With so much information - including lecture slides - available on Moodle, will you still need to attend lectures? Yes, you will, if you want to do well. Lectures are the best way to find out how the lecturers make sense of a topic; how they evaluate research undertaken and which elements or developments they consider particularly important, relevant or critical. After all, it is likely to be the same lecturer who will set the essay topics or exam questions for the module. While some lecturers bombard you with information during the 1-hour lecture, most lecturers will give you an overview of the central issues and provide you with insights and explanations to help you develop your own thinking and research.
Prepare for lectures by finding out how they relate to the module. Where do they fit in? Will the lectures prepare you for the seminar discussions or is it the other way round?
With lecture series delivered by a single lecturer, knowledge transmission is likely to be incremental. Check your notes from the last lecture on this module and think about how the next lecture may relate to and build on the lecture of the previous week. What did the lecturer suggest might be covered this week? Now you know what this lecture is likely to be about, jot down a few questions that you expect to be addressed in this lecture. Make a note of the meaning of any technical words new to you.
Some modules offer a ‘lecture circus’ where the weekly lecture is delivered by different experts on specific topics. They are likely to be offered in a logical sequence; yet, consulting last week’s notes may be less helpful when trying to prepare for the next lecture. Instead you may want to scan some of the core reading for the week, look up unfamiliar terms and identify the main concepts to be covered.
Before going to the lecture make sure that you are well and are able to concentrate. Drink some water or eat a sweet to help with concentration. Don’t skip breakfast or lunch; hunger makes it even more difficult to concentrate. Try sitting in a different place in the lecture theatre - perhaps nearer the front than usual. This is likely to make you feel a bit uncomfortable - and so keep you more alert.
During the lecture
Arriving promptly for a lecture has its advantages - lecturers often give out useful information or explain the structure of the lecture right at the beginning. For the same reason, don’t leave early. Aim to get the ‘grasp of the subject’ rather than to obtain a detailed ‘lecture script’. Note-taking is important but clearly not the main purpose of lectures.
The amount of note-taking required depends on the lecture format. With lectures that aim to develop your understanding it is more important to listen than to take detailed notes. Instead make a note of key issues, concepts, ideas, theories, formulae etc. Also note down references and suggestions for further reading. If you are provided with hand-outs before the lecture, add your notes to them.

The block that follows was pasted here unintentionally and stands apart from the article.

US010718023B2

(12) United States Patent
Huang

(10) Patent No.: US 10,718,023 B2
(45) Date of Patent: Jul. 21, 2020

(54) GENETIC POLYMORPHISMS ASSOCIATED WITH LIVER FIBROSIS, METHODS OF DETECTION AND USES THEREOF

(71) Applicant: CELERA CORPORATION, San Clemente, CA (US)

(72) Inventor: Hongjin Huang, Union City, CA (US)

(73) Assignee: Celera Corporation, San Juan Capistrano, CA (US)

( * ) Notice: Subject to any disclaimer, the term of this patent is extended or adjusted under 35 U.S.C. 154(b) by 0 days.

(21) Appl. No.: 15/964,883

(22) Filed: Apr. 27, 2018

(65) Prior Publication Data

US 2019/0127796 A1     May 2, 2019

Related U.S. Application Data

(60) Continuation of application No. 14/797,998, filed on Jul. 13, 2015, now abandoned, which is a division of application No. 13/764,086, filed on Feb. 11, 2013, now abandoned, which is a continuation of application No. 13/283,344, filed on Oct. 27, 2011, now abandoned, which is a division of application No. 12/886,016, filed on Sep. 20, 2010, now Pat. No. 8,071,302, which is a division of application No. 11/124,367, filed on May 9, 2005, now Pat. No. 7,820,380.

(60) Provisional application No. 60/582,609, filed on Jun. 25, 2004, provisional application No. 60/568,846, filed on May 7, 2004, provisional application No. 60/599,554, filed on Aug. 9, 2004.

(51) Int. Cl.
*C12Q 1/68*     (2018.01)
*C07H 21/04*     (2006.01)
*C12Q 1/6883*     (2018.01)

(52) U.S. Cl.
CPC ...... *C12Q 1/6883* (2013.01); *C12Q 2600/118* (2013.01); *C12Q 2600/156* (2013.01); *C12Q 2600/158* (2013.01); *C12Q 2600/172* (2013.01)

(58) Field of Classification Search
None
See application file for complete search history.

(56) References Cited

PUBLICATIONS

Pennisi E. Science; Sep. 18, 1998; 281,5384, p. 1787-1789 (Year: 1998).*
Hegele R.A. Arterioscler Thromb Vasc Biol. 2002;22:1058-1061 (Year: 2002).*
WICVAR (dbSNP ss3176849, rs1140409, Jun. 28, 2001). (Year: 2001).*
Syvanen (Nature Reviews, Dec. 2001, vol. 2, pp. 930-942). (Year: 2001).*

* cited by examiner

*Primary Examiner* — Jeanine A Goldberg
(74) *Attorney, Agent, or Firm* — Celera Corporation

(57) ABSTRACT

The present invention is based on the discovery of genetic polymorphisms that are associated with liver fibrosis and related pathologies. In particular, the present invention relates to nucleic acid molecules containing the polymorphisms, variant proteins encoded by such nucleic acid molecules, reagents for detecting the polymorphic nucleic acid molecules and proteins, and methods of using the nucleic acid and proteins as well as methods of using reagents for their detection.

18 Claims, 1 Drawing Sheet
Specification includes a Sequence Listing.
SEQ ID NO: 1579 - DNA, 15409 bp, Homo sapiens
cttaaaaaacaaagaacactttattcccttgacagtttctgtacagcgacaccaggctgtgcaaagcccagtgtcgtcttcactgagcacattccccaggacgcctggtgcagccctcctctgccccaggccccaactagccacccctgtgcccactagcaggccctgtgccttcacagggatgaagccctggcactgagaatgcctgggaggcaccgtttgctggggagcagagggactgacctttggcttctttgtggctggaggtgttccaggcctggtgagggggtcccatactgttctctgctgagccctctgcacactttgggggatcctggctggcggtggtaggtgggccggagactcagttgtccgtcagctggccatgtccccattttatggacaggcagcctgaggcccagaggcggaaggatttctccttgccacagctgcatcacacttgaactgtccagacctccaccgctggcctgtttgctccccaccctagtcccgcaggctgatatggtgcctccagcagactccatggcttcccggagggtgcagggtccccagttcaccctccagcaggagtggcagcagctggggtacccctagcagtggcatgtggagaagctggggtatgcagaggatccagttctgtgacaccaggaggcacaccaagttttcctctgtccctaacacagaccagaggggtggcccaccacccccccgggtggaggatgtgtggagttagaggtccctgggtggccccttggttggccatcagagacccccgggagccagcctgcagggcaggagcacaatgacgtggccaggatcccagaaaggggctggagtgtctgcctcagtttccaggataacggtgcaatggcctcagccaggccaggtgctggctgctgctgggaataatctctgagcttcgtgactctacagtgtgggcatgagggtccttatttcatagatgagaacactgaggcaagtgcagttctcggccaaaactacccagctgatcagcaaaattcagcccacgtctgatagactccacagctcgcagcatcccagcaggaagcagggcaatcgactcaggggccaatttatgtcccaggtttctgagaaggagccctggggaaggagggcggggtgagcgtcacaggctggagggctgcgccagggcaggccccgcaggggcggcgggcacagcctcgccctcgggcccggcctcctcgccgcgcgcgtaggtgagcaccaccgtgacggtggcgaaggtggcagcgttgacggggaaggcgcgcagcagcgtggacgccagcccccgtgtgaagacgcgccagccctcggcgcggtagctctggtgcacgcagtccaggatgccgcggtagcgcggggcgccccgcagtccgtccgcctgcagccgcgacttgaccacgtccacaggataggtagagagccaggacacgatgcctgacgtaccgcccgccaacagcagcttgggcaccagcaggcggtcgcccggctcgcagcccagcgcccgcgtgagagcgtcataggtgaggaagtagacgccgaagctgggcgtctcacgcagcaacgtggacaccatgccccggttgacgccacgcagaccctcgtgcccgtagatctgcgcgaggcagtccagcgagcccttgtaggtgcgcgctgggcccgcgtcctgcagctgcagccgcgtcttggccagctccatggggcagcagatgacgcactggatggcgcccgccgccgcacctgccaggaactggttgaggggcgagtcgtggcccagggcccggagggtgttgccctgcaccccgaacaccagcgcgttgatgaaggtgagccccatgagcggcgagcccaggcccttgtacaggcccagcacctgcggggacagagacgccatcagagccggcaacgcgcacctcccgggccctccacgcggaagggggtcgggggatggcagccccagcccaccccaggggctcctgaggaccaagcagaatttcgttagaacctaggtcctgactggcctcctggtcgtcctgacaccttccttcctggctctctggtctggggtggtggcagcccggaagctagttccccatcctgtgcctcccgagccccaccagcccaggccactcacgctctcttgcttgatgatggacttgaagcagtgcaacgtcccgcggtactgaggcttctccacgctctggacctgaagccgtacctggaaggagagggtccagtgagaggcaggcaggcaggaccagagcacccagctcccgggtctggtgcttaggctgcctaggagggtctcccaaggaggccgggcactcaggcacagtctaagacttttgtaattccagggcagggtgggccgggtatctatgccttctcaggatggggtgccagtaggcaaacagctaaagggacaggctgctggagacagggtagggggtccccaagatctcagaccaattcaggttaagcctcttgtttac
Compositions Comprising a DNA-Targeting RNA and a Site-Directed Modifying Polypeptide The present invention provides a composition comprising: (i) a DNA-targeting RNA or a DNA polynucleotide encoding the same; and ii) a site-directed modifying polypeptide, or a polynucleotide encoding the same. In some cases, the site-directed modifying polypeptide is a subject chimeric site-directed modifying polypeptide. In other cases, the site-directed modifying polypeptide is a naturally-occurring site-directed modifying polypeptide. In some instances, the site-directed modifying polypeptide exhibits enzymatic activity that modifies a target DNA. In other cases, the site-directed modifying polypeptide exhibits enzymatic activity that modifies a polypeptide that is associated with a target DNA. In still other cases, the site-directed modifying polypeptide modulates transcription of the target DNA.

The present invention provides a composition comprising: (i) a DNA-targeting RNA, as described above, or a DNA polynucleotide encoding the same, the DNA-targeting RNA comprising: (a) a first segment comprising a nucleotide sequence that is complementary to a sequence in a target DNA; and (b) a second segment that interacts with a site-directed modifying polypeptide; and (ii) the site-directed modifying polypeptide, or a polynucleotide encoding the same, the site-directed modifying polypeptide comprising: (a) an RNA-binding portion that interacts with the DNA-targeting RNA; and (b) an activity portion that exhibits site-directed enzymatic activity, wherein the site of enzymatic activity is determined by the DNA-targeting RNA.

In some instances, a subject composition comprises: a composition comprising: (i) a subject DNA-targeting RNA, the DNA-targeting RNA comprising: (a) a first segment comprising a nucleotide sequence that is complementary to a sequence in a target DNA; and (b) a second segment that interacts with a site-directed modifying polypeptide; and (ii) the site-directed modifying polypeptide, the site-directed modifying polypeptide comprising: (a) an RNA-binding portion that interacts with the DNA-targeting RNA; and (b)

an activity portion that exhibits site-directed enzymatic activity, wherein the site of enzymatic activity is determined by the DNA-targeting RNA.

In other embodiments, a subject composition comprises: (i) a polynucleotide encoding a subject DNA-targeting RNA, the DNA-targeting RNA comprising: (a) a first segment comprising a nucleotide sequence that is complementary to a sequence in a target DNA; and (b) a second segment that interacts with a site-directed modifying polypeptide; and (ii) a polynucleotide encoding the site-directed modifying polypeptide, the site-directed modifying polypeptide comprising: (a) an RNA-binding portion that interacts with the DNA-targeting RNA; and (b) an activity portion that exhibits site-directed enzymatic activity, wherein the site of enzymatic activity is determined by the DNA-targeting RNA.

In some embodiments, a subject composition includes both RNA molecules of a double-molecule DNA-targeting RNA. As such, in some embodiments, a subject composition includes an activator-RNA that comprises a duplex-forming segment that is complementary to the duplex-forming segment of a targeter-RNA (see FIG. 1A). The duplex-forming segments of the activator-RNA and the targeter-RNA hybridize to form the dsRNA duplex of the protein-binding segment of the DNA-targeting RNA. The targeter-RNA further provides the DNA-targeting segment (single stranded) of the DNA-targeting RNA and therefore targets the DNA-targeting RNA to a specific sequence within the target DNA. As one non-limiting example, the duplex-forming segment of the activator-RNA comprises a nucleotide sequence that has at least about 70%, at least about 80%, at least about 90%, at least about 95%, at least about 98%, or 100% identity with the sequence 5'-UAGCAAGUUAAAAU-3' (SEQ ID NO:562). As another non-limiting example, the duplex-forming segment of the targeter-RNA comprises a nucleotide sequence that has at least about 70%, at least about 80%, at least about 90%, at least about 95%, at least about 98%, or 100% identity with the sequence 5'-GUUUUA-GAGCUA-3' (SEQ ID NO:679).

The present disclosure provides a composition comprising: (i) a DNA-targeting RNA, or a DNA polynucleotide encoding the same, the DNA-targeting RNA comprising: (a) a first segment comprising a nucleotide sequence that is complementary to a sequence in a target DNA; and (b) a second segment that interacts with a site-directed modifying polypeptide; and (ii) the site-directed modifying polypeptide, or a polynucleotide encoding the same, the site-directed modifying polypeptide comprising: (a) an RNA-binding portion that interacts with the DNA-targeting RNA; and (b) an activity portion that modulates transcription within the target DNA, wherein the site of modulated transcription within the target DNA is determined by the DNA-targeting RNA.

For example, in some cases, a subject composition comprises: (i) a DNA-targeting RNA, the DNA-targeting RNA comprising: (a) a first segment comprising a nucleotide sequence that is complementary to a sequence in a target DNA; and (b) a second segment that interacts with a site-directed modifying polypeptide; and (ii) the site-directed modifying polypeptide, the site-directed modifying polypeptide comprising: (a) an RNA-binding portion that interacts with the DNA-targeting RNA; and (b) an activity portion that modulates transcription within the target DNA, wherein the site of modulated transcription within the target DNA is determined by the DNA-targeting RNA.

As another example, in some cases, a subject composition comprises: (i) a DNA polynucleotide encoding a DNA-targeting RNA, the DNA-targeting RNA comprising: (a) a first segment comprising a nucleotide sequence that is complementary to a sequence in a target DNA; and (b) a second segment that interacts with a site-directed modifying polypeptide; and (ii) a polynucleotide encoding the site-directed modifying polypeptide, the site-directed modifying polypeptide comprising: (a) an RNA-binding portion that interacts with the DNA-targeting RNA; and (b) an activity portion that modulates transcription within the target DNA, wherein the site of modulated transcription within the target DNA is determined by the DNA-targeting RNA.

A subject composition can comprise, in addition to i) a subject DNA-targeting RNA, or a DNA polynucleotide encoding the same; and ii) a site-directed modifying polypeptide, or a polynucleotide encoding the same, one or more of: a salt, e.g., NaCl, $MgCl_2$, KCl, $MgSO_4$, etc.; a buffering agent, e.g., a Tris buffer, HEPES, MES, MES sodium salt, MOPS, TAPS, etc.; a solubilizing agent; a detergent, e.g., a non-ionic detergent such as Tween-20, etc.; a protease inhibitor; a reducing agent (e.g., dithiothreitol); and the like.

For information-rich lectures it is important that you prepare in advance by browsing through textbooks and core texts. It is difficult to listen and take detailed notes at the same time and it is unlikely that you will leave the lecture with a set of complete notes.
Consider recording the lecture as a backup; most lecturers are fine with this, nevertheless, ask for permission first. You may also find it helpful to pair up with someone else by forming a note-taking partnership to help you both get more from each lecture (see below).
While you are expected to listen only during the lecture, it is fine to ask questions after the lecture. If you are confident enough, ask in front of the whole class (many students will be thankful as they will have similar questions on their minds but are too shy to speak up). Alternatively, corner the lecturer before he or she leave the room. Asking for clarification not only helps you to understand the topic better, it also helps the lecturer to assess how much the students are able to understand and which concepts they tend to find difficult.
Discuss your notes
Get together with one or more students as soon as possible to review the lecture. Compare your notes and fill in any gaps. Check your understanding - put your ideas together to get more out of the lecture. If there is some aspect that baffles all of you, decide what to do. Where can you find out more? What reading has been suggested? Is there a simpler text on this that will help?
Work with your notes
Instead of just filing your notes, work with them: regroup information, use colours and highlighters to identify key terms/points and make connections. Fill in notes with examples, facts or case studies to make them constructive. Should you decide to rewrite some of them or even type them up, see if they could make more sense structured differently, e.g. have a box with main points at the top of the page.
Should you have recorded the lecture, listen to them within the next 24 hours, maybe while commuting to and from campus. If you wait too long you will have hours of lectures to listen to which is unlikely to be productive. Label and save the recordings on your computer to help you with revision later.
Develop your own thinking
At the bottom of you notes you may want to jot down an action list. What do you need to do now to learn most effectively from this lecture? Work out when you will tackle the reading and other activities suggested by the lecturer.
Store your notes in two safe places. Should you prefer to safe them electronically, make sure that you keep either a paper copy, a back-up copy on CD or USB stick or file a back up version on the Kent network (bodiam drive) in case there is a problem with your PC or laptop.